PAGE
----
Email Print Share

Multilouvered Fin

A small section of a multilouvered fin and the 3-D flow features around it

Whether in airplane engines or power plants, turbine blades are often subjected to extremely high temperatures. The blades are cooled internally with cold air flowing through serpentine channels. To enhance the rate of cooling, roughness elements or ribs are place in the channels to generate turbulence. This image shows a small section of a multilouvered fin and the 3-D flow features around it. Fins increase the surface area and rate of heat transfer in a system, and multilouvered fins--which are often used in compact heat exchangers--enhance mixing and heat transfer. Instantaneous streamtubes illustrate a coherent vortex jet and its vorticity signature on an x-plane passing through the louver. The software used in producing these simulations was developed under a National Science Foundation grant. [Image 3 of 3 related images. See Image 1.]

More about this Image
This simulation was created by Danesh Tafti and Randy Heiland of the National Computational Science Alliance (NCSA), University of Illinois (UI) at Urbana-Champaign, using GenIDLEST computational fluid dynamics software and NCSA VisBench, a visualization system. Research represented in the visualization of the multilouvered fin is supported by the Air Conditioning Refrigeration Center at UI-Urbana-Champaign.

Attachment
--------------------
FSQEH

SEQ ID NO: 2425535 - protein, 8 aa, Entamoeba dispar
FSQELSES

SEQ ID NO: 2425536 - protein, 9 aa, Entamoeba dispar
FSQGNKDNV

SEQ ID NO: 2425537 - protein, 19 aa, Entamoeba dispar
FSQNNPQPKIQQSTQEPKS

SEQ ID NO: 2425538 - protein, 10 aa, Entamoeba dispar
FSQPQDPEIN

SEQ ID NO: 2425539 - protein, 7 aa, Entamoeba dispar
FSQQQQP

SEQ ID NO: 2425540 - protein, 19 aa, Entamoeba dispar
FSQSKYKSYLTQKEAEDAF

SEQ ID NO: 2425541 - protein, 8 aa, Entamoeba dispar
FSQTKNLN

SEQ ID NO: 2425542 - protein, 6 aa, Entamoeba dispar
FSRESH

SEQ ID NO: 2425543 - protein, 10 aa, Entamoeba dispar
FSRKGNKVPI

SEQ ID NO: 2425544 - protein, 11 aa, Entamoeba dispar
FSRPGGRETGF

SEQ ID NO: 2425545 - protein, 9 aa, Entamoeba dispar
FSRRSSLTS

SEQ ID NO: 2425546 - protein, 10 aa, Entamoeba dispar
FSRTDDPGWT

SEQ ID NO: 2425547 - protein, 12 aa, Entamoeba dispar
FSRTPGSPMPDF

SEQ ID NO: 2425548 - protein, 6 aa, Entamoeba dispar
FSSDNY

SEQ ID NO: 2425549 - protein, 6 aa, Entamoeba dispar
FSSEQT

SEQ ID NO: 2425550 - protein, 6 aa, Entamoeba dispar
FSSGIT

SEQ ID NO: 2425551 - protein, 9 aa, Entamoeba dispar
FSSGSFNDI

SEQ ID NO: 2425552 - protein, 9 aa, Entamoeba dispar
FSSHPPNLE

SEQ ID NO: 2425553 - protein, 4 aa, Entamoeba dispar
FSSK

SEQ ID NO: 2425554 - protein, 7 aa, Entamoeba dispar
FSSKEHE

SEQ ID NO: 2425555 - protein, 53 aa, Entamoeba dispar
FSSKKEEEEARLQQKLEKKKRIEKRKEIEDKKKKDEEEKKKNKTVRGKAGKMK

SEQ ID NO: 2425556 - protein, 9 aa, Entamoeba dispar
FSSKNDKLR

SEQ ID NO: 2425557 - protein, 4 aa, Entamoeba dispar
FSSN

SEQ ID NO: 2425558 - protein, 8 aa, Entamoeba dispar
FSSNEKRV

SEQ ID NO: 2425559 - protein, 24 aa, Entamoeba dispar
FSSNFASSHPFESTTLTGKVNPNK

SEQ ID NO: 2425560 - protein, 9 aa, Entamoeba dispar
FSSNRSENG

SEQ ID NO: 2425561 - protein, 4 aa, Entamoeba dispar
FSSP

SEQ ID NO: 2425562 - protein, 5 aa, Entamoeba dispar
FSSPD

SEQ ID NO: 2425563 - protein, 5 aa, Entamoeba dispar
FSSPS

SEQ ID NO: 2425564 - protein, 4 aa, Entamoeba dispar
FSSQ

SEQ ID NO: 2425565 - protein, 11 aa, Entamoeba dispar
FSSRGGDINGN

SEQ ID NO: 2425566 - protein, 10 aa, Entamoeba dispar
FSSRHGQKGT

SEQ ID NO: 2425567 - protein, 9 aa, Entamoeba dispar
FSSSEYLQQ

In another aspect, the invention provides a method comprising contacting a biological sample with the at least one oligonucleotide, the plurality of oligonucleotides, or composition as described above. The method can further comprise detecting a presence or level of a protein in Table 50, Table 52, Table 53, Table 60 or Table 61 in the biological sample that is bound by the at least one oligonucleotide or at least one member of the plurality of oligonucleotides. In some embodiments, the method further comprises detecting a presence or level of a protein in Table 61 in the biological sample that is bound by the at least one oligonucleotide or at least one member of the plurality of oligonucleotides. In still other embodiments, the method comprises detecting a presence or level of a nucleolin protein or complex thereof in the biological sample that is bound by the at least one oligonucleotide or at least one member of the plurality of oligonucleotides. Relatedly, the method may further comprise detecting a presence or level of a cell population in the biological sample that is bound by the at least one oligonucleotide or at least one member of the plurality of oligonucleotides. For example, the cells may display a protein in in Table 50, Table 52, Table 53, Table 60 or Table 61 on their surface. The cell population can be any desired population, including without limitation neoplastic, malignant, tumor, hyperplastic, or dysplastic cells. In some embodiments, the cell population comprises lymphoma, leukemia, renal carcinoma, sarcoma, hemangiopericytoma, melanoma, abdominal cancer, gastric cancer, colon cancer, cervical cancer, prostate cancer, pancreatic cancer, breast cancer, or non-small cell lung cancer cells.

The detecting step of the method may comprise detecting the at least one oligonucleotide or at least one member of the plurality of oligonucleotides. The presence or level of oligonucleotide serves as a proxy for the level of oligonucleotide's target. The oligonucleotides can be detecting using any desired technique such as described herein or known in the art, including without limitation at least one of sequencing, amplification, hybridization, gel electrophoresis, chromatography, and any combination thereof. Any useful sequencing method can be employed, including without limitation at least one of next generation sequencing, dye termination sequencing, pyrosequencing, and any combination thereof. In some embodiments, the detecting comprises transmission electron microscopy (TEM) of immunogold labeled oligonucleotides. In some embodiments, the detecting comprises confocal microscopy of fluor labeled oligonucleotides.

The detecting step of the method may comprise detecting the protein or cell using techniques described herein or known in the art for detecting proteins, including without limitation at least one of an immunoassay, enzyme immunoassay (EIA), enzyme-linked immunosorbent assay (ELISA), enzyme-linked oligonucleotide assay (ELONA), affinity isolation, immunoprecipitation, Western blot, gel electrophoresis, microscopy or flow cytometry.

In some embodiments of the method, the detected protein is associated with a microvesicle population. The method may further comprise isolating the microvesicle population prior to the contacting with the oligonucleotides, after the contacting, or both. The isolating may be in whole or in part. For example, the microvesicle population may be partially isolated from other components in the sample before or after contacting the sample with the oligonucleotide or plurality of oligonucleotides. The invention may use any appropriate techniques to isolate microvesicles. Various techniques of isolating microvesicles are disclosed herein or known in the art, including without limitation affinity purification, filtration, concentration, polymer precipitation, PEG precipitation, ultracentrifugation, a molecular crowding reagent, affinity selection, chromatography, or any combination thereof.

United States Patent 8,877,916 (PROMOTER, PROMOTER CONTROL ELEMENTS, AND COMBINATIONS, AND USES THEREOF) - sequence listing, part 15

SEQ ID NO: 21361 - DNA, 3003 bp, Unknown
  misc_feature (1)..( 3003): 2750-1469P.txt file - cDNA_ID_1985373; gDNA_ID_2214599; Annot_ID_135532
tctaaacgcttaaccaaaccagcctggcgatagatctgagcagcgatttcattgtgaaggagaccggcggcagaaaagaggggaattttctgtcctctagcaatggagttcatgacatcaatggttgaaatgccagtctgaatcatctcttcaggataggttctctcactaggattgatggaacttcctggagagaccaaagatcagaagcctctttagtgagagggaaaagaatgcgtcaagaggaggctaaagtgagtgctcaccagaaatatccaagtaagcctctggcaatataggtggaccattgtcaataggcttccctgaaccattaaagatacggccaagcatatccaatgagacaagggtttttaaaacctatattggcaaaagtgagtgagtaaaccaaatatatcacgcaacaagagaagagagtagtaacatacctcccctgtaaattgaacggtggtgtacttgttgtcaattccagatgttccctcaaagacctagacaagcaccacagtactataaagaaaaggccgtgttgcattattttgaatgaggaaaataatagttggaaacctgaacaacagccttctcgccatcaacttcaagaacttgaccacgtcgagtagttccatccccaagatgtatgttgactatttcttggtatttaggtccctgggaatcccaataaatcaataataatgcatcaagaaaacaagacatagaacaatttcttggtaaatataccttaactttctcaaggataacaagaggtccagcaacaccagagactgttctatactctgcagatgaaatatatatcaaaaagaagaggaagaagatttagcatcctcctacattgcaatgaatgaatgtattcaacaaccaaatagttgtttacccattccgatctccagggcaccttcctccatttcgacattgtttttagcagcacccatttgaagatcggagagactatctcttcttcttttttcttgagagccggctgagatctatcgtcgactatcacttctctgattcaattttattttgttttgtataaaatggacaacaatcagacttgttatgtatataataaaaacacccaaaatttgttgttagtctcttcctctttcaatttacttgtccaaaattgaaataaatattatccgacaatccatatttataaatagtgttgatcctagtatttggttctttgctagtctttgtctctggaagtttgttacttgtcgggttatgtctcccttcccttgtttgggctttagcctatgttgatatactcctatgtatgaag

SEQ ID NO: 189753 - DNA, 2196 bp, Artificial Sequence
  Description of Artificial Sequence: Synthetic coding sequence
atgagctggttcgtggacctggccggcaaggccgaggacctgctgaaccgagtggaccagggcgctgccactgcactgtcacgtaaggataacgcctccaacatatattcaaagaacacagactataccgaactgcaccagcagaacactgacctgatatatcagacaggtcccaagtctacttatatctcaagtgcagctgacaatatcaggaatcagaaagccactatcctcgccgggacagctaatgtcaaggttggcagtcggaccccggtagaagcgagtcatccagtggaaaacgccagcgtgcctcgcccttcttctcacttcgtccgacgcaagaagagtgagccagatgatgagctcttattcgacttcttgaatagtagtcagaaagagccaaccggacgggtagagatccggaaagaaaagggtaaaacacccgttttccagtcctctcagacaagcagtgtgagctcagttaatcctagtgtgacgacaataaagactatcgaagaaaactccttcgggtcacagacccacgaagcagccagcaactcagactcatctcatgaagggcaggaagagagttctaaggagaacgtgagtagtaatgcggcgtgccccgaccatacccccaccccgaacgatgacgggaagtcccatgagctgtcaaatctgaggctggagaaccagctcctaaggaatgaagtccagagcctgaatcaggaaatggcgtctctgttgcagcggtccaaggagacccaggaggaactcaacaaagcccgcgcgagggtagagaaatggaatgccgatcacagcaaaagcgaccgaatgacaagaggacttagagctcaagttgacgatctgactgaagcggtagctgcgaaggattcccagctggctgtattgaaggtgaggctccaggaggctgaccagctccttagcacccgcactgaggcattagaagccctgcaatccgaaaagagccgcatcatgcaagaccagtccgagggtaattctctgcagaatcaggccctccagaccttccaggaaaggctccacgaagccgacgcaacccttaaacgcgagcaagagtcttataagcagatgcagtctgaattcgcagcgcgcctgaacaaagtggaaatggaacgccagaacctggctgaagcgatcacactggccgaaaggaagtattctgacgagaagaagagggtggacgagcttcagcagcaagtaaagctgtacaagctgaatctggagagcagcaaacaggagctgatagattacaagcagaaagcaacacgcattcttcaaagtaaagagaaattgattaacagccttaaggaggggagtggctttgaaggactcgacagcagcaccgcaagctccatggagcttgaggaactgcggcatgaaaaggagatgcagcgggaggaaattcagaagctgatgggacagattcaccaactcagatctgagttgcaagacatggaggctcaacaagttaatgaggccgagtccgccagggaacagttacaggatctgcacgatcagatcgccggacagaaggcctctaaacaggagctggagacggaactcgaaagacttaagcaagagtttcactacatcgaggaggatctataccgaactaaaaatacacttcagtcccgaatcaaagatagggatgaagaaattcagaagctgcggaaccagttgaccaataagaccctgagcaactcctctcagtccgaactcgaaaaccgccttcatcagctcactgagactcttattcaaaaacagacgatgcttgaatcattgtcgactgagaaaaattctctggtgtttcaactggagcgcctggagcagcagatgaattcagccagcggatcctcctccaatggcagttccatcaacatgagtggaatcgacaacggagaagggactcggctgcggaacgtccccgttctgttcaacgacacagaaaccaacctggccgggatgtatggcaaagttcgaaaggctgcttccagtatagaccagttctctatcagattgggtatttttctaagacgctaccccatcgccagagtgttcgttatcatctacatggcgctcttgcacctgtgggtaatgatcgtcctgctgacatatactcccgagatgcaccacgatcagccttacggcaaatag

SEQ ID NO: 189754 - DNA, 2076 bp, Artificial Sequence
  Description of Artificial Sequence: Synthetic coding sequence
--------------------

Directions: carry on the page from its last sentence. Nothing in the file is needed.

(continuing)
Credit: Danesh Tafti and Randy Heiland, University of Illinois at Urbana-Champaign; courtesy NCSA

General Restrictions:
Images and other media in the National Science Foundation Multimedia Gallery are available for use in print and electronic material by NSF employees, members of the media, university staff, teachers and the general public. All media in the gallery are intended for personal, educational and nonprofit/non-commercial use only.

Images credited to the National Science Foundation, a federal agency, are in the public domain. The images were created by employees of the United States Government as part of their official duties or prepared by contractors as "works for hire" for NSF. You may freely use NSF-credited images and, at your discretion, credit NSF with a "Courtesy: National Science Foundation" notation. Additional information about general usage can be found in Conditions.

Also Available:
Download the high-resolution JPG version of the image. (486 KB)

Use your mouse to right-click (Mac users may need to Ctrl-click) the link above and choose the option that will save the file or target to your computer.